We were also very impressed with Hickory Creek Winery, tucked away among beautiful rolling hills and bright green farmland. One of the co-owners, Gottfried, was extremely gracious and his hospitality added to our tasting experience. Hickory Creek’s show stopper is certainly their slightly creamy and toasty 2005 Chardonnay. The flavors of honeydew, melon and Gala apple marry together and are balanced by a hint of lime.

At the recommendation of our innkeeper, we stayed on the wine trail for dinner and drove to Tabor Hill Winery. Tabor Hill is the only winery on the trail that also doubles as a restaurant-not necessarily a good thing. While the ambiance was beautiful, the food was a bit heavy-handed and extremely overpriced. Our starter, yet another crab cake, was hardly as delicate or as flavorful as Luisa’s. It was also accompanied by a bizarre orange juice, cherry juice, herb and wine reduction sauce which completely marred the simplicity of the crab.

Tabor Hill Vineyards.

Crab Cake with Wine Reduction Sauce, Tabor Hill Winery.

Filet Mignon wrapped in apple-smoked bacon was perfectly cooked, but sloppily presented. An extremely under-seasoned and underwhelming Alder Wood Smoked Hawaiian Swordfish was somewhat saved by its accompanying salsa of grapefruit and zesty ginger. Thankfully, we did enjoy Tabor Hill’s 2006 Lake Michigan Shore Cabernet Franc, a lush, soft, fruit-driven and elegant wine.

Ridgefield Farm Filet Mignon, Tabor Hill Winery.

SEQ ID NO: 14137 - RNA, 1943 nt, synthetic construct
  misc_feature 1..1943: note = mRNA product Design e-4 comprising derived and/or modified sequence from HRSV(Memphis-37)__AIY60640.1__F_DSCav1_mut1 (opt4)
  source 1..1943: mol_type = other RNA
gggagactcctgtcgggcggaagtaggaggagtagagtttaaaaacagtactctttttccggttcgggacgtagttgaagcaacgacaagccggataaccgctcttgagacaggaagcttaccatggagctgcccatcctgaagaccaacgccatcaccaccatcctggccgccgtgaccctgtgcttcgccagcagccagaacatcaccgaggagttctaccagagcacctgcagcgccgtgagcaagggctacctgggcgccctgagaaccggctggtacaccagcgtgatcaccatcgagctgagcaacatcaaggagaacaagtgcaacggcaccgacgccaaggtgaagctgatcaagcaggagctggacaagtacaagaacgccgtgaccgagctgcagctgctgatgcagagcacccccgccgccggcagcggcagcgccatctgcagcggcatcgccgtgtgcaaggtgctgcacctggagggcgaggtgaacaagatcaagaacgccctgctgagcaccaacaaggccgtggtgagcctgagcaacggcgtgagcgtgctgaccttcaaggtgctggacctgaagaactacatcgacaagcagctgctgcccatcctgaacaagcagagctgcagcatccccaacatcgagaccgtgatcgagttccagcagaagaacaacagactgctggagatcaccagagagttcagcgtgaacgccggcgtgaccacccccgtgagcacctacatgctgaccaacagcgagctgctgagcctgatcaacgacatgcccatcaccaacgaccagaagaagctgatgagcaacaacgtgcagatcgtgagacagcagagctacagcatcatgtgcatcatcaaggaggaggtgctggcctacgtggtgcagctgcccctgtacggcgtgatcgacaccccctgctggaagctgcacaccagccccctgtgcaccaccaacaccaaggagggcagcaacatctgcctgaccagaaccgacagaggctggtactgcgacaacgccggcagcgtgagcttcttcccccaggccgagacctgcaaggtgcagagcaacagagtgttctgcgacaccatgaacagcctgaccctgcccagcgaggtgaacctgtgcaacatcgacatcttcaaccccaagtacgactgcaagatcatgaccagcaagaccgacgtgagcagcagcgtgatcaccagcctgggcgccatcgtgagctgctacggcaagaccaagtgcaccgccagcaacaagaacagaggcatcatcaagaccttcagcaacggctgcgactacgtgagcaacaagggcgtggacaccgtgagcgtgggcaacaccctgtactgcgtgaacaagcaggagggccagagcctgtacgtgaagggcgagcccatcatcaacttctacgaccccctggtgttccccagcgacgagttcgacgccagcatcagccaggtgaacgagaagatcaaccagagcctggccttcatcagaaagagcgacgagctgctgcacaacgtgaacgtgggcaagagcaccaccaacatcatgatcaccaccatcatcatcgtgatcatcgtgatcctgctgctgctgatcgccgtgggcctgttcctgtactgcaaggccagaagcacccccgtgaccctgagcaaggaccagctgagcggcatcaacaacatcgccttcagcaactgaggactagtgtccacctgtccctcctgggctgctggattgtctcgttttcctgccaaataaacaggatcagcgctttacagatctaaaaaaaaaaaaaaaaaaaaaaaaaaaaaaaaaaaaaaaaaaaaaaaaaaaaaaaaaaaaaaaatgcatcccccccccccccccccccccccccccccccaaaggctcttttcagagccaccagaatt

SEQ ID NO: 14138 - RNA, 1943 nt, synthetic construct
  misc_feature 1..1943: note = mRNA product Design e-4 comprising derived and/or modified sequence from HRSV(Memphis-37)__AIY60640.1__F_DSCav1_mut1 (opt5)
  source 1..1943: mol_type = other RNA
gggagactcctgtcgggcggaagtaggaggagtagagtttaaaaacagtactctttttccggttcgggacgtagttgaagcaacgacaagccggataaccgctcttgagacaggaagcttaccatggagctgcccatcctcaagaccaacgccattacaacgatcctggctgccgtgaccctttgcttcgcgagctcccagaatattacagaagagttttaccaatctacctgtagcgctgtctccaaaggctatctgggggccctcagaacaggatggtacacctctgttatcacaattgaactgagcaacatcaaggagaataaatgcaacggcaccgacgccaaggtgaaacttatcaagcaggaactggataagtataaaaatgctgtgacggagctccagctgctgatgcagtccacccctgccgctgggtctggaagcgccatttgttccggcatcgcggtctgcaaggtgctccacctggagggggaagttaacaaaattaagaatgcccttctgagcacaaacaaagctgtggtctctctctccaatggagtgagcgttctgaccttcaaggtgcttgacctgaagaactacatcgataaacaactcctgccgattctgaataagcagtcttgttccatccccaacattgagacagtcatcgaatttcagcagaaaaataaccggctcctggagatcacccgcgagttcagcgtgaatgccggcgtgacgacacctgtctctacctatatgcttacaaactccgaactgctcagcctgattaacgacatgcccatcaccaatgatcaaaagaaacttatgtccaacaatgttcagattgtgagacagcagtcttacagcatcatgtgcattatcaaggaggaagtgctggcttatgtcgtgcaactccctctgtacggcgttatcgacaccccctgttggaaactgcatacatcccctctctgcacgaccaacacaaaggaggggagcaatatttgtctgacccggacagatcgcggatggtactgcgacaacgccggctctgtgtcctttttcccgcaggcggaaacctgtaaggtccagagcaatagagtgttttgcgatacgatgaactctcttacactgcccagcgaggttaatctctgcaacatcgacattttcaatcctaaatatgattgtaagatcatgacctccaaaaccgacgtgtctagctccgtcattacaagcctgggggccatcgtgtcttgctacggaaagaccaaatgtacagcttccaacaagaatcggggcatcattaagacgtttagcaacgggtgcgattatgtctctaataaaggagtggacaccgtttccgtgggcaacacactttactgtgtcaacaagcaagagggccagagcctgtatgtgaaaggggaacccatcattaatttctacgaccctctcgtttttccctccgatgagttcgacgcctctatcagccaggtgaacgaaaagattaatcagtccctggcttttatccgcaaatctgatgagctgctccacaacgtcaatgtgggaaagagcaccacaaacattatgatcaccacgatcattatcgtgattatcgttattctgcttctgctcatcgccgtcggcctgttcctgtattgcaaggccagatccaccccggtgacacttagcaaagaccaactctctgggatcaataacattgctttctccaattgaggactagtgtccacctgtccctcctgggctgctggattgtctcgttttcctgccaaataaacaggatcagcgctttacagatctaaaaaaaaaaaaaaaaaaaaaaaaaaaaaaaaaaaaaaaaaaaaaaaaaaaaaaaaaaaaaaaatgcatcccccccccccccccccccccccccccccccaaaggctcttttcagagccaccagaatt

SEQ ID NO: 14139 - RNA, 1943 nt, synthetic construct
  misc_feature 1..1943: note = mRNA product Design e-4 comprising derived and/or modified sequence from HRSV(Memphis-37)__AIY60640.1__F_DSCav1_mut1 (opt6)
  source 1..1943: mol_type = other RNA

Alder Wood Smoked Hawaiian Sword Fish, Tabor Hill Winery.

The next day, our final Michigan feast took place at Blue Plate Café, also located on a stretch of the Red Arrow Highway. Blue Plate is a funky little place that’s open for breakfast and lunch. Most of the customers seemed to know each other, and thus the atmosphere was friendly and laid-back. Complimentary samples of chocolate chip banana bread started things out on the right foot. Our lunch selections of a salad plate with so-so tuna salad and phenomenal chicken salad, and scrambled eggs wrapped in tortillas with Verde sauce were fresh, light, and satisfying for our journey home.

Blue Plate Cafe, Harbor Country MI.

Salad Plate, Blue Plate Cafe.

Scrambled Eggs in Tortilla with Verde Sauce, Blue Plate Cafe.

We plan on returning to Harbor Country again next summer, and I’m already planning our restaurant itinerary. We’ll definitely stop at Cafe Gulistan, a Turkish restaurant known not only for the food but for its owner’s battle for his citizenship, and Bistro on the Boulevard, a quaint French bistro located in picturesque Saint Joseph. As always, recommendations are appreciated!

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Found Inspiration

Aaron and I escaped for the weekend to Harbor Country, an area in southwest Michigan that’s composed of 8 small towns. It was my first visit to HC; Aaron spent time with his family there years ago. I had no idea that this unsuspecting corner of Michigan held so many interesting components, most (that we sought out, at least) a bit upscale while still retaining a clackety old world charm.

Lake Michigan Dune.

We stayed at the Rabbit Run Inn, a newly constructed property that’s gorgeously maintained by innkeepers Linda Jo (an interior designer) and Rodney Clough. Located just minutes from Warren Dunes State Park, the inn is decorated in a modern yet whimsical style: Alice left Wonderland for new digs in Manhattan. With only four guest suites, Rabbit Run is the perfect retreat for city dwellers seeking solace.

Rabbit Run Inn.

Linda Jo’s Kitchen, Rabbit Run Inn.

Rabbit Run Dog.

Soaring.

Beyond the sheer beauty of the natural surroundings, the creativity of Rodney and Linda Jo, two artists in love (like Aaron and I), struck me. What a lovely way to live, carving out a beautiful space for others to enjoy, all the while developing your creative Spirit. I know I could spend my days happily cooking, writing, painting, photographing and decorating. Its these glances into the lives of artists that keep me hopeful and inspired.

Blow it Out.

I’m Only Sleeping.